This is a niche one that I've picked up from watching conference footage on Christian television. A congregant is standing still when suddenly he bolts from his position in the manner of a man who has just remembered he left the gas on. I presume this is based in that verse which says that 'those who wait on the Lord shall renew their strength, they will run and not grow weary...' (Isaiah 40 v 31), and it's a pretty literal way of demonstrating the fact (as long as you don't look too puffed out afterwards). The problem, aside from the slight sense of tension it might inspire in other worshippers, is that most churches aren't very big, so you either don't get to run very far, or end up doing an awful lot of laps.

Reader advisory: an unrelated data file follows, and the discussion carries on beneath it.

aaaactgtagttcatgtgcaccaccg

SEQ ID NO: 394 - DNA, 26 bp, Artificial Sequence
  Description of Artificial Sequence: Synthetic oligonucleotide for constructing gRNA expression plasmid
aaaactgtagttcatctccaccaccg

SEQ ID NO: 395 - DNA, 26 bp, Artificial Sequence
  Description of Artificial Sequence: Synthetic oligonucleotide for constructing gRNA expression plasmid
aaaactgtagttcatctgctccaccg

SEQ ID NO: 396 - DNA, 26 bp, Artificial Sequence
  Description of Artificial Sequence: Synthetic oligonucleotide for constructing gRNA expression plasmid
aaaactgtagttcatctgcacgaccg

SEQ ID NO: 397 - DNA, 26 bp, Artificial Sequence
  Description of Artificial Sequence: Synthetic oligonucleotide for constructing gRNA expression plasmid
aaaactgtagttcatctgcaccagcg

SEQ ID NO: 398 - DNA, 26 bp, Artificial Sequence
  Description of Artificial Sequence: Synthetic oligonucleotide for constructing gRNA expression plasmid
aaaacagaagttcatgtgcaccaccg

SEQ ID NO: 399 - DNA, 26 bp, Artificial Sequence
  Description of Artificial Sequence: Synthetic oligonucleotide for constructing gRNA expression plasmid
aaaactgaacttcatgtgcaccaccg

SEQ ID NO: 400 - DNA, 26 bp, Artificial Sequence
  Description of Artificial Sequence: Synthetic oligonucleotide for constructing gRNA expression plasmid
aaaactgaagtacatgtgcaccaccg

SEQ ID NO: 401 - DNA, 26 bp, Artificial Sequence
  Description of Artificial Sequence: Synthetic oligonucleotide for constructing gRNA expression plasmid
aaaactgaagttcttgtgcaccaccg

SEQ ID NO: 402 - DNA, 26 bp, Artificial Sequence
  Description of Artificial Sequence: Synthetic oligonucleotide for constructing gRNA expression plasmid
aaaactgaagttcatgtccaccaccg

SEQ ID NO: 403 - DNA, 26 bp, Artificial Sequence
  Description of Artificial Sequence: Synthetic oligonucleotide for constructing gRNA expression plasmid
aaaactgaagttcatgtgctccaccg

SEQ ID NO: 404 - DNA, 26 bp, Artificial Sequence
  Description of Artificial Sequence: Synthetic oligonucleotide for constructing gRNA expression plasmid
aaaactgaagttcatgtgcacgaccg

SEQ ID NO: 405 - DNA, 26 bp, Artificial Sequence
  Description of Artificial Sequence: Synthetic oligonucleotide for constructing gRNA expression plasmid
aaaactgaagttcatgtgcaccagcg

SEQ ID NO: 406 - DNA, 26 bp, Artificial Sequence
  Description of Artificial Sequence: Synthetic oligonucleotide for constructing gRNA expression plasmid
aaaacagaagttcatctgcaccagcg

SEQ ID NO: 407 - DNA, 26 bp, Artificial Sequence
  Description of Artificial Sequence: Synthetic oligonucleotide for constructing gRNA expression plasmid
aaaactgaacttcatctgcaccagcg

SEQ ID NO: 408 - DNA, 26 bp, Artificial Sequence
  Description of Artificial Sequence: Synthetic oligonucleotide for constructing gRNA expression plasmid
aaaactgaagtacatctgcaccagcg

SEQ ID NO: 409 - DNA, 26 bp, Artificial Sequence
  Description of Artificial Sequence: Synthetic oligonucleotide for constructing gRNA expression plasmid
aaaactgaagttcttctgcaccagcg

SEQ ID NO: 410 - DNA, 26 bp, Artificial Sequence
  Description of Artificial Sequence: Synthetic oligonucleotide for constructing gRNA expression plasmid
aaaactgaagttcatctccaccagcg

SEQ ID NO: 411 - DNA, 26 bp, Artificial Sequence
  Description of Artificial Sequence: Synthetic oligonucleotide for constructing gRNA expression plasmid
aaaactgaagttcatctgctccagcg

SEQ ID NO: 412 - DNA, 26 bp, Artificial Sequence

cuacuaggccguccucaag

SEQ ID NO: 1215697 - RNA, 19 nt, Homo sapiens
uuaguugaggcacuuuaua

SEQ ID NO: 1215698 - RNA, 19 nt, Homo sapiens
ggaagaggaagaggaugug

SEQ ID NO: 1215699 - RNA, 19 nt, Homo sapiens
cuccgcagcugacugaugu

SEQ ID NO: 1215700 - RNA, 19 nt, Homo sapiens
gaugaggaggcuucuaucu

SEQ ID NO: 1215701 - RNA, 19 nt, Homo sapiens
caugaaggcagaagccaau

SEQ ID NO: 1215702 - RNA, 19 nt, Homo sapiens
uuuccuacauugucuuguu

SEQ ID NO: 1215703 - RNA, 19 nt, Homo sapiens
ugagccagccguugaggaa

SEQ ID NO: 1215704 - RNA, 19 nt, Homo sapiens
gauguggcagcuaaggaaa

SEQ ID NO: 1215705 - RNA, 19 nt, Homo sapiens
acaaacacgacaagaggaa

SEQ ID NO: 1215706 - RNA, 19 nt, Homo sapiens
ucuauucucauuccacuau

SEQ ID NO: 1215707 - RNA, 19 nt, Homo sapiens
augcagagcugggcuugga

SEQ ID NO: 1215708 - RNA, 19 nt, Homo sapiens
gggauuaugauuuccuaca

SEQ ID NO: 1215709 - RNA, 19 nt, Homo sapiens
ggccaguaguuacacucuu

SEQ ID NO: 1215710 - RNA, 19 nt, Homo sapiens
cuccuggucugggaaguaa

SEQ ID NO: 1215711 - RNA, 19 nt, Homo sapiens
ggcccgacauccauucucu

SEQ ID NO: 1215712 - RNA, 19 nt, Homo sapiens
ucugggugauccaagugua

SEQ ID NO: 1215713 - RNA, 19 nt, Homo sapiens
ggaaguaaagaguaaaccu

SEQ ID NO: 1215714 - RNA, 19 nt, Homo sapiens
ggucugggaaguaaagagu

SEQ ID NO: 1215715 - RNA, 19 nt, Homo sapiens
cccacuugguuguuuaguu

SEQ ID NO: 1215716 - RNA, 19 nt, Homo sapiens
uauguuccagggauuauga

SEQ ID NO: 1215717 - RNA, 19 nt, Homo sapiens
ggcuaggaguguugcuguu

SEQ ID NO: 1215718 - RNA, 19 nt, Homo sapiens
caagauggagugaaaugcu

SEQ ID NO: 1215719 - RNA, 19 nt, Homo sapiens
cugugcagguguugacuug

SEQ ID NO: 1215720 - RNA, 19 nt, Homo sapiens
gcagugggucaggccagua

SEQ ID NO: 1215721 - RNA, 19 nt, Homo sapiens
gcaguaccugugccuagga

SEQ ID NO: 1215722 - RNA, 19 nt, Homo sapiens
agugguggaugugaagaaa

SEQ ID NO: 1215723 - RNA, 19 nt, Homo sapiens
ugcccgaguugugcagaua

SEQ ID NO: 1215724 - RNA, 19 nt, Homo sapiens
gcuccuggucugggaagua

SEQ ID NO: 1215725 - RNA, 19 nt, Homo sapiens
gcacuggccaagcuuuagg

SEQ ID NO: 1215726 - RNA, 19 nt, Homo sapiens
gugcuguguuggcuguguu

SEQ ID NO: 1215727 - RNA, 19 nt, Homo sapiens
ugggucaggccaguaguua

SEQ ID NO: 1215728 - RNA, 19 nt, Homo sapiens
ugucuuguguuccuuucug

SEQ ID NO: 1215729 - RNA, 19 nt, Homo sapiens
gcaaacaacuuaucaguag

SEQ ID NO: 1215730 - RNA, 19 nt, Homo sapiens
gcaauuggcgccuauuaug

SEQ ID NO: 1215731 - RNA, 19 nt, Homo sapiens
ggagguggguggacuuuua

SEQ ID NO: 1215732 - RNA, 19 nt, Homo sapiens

4. The dance of the flags
There's something wonderful about seeing a middle-aged accountant named Gerald shuffle to the front during worship, lift up a large coloured flag and begin twirling it around with gay abandon like a high school cheerleader. I guess this is the modern version of King David dancing around in his revealing linen ephod, and I guess we should be thankful that our accountants don't do that. In some churches flag waving is an almost entirely alien concept, and the sudden production of a flag might be misconstrued as some sort of attempted coup. In others though, it's so welcomed that there's even a whole box of them left at the front, just in case the mood suddenly takes you to wave a bit of material on a stick around (Pro Tip: the purple one is the best/holiest).
5. Deliberately singing to one another